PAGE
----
In reaction to public pressure, the comics industry adopted a ‘voluntary’ code to rein in the more ‘harmful’ aspects of their books. Under the marriage and sex portion of the code, three rules effectively banned the depiction of homosexuality in any form:
(2) Illicit sex relations are neither to be hinted at nor portrayed.
(4) The treatment of live-romance stories shall emphasize the value of the home and the sanctity of marriage.
(7) Sex perversion or any inference to same is strictly forbidden.

While the code would be revised over the years concerning such things as drug use, the ban on the depiction of gay and lesbian characters remained until 1989. During the interval, writers worked around the rules to some extent creating characters that were LGBT in all but name. Joining Element Lad, Shrinking Violet and Lightening Lass from the Legion of Superheroes was John Byrne’s “Maggie Sawyer who lived with a woman and later admitted that she had spent years trying to deny feelings “a proper Catholic girl didn’t even want to consider.” DC also published books, such as Camelot 3000 outside the umbrella of the code, allowing the book to present Sir Tristan as a transgender woman in love with Isolde. The altering and eventual disappearance of the code has allowed for a blossoming of characters depicting the entire range of humanity.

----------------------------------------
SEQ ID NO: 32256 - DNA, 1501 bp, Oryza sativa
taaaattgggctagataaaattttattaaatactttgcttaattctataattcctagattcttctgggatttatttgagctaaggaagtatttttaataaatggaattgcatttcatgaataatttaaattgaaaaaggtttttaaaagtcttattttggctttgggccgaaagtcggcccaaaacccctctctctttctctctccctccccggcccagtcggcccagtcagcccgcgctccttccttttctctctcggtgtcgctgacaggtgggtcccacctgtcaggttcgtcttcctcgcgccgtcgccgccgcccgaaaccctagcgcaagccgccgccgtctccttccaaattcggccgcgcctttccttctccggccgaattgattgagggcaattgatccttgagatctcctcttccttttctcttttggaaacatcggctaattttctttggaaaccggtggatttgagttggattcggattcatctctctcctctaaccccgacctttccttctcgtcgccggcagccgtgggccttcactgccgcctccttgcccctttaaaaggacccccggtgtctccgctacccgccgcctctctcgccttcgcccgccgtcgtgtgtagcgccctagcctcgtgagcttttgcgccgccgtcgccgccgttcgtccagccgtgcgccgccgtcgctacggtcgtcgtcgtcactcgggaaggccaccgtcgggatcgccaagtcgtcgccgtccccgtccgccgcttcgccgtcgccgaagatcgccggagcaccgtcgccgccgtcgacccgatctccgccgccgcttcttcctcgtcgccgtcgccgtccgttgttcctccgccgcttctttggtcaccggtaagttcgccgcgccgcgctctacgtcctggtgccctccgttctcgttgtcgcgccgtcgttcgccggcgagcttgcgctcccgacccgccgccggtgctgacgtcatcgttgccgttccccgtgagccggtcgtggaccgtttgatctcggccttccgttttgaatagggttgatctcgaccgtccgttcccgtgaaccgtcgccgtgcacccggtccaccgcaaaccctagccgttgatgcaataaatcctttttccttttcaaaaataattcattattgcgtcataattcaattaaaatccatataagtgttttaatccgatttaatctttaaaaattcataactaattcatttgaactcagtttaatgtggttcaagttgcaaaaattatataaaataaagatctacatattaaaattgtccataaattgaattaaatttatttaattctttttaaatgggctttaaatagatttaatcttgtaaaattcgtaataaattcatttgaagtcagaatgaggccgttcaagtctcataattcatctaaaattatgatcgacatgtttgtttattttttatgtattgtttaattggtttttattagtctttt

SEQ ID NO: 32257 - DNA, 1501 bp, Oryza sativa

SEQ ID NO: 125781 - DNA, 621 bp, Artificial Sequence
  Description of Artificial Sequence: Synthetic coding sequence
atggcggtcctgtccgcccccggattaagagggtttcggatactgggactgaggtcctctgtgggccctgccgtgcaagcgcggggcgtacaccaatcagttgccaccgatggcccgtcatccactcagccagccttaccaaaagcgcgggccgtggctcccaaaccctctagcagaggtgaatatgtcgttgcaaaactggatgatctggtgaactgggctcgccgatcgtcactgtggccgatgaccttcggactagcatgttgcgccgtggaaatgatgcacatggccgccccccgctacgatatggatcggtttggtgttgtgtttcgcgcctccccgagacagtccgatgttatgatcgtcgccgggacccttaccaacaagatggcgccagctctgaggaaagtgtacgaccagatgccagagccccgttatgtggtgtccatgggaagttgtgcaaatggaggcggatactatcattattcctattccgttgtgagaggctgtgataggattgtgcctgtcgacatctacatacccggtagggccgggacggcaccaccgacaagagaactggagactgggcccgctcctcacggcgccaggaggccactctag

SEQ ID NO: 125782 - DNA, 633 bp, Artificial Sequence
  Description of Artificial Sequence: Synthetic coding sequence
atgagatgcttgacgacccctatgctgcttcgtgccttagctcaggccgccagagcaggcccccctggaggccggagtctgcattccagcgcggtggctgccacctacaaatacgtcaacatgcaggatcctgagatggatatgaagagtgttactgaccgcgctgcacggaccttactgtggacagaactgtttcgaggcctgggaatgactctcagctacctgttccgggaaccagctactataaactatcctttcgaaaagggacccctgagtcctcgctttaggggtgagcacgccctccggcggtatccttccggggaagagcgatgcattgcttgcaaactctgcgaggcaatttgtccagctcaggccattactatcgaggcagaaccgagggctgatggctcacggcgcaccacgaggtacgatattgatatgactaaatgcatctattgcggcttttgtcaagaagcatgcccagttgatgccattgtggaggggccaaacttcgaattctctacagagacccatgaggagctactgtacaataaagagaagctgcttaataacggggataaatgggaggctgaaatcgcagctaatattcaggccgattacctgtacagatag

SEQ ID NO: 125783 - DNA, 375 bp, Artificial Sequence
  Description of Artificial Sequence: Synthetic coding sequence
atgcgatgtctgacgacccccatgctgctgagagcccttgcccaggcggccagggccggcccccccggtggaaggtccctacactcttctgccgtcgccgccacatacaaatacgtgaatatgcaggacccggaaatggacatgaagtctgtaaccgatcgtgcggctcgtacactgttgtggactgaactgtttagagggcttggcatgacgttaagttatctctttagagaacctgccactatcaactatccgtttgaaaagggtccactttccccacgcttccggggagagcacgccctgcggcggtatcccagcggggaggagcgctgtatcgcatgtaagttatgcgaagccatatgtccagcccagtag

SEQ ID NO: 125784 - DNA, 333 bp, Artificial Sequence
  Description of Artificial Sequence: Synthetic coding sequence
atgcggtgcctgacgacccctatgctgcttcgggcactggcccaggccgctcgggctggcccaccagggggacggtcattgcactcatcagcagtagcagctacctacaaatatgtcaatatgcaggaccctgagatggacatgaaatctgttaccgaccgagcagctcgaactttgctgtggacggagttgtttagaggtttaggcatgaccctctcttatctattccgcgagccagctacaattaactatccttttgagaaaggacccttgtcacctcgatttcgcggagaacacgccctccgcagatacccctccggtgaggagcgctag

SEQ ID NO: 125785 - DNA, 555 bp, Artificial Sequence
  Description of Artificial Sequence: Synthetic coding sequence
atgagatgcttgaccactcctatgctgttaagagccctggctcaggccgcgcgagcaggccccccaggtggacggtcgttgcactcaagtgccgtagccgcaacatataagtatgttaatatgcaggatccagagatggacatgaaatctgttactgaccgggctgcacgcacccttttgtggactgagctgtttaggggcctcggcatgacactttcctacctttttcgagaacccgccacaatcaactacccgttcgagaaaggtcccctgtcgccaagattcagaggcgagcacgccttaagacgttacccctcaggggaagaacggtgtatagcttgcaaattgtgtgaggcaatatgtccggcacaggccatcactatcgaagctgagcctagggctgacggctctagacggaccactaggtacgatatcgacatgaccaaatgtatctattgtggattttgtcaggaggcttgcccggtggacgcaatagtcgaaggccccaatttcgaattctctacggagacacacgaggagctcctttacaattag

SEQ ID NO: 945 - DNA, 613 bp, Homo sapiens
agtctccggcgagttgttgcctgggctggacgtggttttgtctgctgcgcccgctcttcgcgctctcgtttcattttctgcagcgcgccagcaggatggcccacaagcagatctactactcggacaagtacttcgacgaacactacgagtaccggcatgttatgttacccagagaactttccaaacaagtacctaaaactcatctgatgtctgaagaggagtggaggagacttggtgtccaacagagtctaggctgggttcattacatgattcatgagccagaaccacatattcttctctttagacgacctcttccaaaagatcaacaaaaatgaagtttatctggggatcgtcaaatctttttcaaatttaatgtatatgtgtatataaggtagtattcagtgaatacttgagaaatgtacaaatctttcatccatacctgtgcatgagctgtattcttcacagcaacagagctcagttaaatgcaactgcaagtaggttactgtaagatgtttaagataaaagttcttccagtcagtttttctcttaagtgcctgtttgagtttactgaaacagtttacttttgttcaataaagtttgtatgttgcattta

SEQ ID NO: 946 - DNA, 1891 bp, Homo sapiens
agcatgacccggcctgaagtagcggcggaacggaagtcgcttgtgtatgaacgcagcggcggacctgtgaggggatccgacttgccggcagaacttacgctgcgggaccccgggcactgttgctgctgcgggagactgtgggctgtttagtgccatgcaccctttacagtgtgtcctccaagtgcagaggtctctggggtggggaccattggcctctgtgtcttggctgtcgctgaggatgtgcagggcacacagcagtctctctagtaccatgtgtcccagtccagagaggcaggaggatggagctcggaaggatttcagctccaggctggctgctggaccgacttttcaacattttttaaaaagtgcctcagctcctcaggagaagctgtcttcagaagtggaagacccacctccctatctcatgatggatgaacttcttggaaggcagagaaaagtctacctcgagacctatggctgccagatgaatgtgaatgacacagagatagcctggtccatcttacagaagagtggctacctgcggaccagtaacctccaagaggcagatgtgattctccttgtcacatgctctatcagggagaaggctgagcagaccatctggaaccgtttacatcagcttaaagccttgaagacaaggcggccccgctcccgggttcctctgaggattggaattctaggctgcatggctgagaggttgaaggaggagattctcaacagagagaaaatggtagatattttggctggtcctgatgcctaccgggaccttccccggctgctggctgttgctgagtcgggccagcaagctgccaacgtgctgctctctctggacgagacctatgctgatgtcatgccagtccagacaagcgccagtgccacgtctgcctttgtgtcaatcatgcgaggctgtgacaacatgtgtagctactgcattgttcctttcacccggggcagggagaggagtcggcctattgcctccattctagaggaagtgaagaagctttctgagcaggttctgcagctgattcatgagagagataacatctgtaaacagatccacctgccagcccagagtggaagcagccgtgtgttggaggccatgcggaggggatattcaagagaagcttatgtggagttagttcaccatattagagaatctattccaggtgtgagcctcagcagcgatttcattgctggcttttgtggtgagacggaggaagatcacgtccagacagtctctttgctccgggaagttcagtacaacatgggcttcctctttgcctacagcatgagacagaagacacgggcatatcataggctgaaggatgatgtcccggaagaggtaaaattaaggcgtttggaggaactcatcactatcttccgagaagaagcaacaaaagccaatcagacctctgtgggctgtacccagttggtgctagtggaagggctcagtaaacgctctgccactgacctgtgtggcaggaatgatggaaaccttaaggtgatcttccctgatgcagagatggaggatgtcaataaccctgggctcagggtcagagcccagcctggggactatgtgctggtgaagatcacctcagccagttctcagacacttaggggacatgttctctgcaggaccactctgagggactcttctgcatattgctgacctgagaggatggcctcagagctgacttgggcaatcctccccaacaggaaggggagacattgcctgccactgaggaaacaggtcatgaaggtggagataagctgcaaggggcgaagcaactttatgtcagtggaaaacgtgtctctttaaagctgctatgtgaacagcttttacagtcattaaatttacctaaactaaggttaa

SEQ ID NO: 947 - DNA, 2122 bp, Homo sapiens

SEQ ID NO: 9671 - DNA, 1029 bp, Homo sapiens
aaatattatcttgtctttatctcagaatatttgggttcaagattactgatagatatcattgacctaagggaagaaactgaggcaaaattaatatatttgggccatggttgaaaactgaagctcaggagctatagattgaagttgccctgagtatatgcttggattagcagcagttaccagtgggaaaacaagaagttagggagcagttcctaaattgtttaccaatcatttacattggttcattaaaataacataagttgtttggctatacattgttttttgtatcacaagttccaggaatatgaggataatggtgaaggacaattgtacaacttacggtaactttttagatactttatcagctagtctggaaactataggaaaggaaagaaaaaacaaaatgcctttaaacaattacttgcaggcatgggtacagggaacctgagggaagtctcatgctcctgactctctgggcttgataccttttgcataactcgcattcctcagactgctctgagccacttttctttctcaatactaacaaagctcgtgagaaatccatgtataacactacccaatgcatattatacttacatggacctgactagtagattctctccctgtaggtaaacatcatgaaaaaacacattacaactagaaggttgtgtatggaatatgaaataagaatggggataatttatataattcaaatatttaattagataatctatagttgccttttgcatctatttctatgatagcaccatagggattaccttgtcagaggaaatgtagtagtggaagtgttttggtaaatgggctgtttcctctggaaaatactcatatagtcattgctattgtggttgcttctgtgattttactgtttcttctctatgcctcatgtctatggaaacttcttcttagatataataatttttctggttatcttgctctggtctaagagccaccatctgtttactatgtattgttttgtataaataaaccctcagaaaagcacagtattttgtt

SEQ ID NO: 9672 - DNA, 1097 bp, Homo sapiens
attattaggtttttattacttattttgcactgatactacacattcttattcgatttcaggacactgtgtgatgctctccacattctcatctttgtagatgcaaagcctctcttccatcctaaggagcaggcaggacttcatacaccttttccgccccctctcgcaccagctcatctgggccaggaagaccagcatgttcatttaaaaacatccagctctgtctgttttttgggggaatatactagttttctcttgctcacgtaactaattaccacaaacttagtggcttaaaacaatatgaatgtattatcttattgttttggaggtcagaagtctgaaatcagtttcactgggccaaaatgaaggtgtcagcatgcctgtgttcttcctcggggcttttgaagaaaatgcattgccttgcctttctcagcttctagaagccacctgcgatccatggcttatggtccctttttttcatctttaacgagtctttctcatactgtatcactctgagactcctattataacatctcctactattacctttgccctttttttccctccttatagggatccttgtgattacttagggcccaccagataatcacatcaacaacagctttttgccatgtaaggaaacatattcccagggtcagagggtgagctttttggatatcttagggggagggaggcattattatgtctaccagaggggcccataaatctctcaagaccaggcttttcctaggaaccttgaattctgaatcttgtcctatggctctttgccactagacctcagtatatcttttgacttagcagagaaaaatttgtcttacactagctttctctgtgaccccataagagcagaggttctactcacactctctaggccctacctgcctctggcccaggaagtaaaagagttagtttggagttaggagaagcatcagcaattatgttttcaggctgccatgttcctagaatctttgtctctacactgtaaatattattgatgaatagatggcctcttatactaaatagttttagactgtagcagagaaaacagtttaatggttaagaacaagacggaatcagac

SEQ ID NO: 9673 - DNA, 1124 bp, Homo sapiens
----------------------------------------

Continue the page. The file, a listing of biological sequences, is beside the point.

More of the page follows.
The Comics Code Authority (1954)

How the “Code Authority Kept LGBT Characters out of Comics (History.com)

Comics Code Authority (Encyclopedia.com)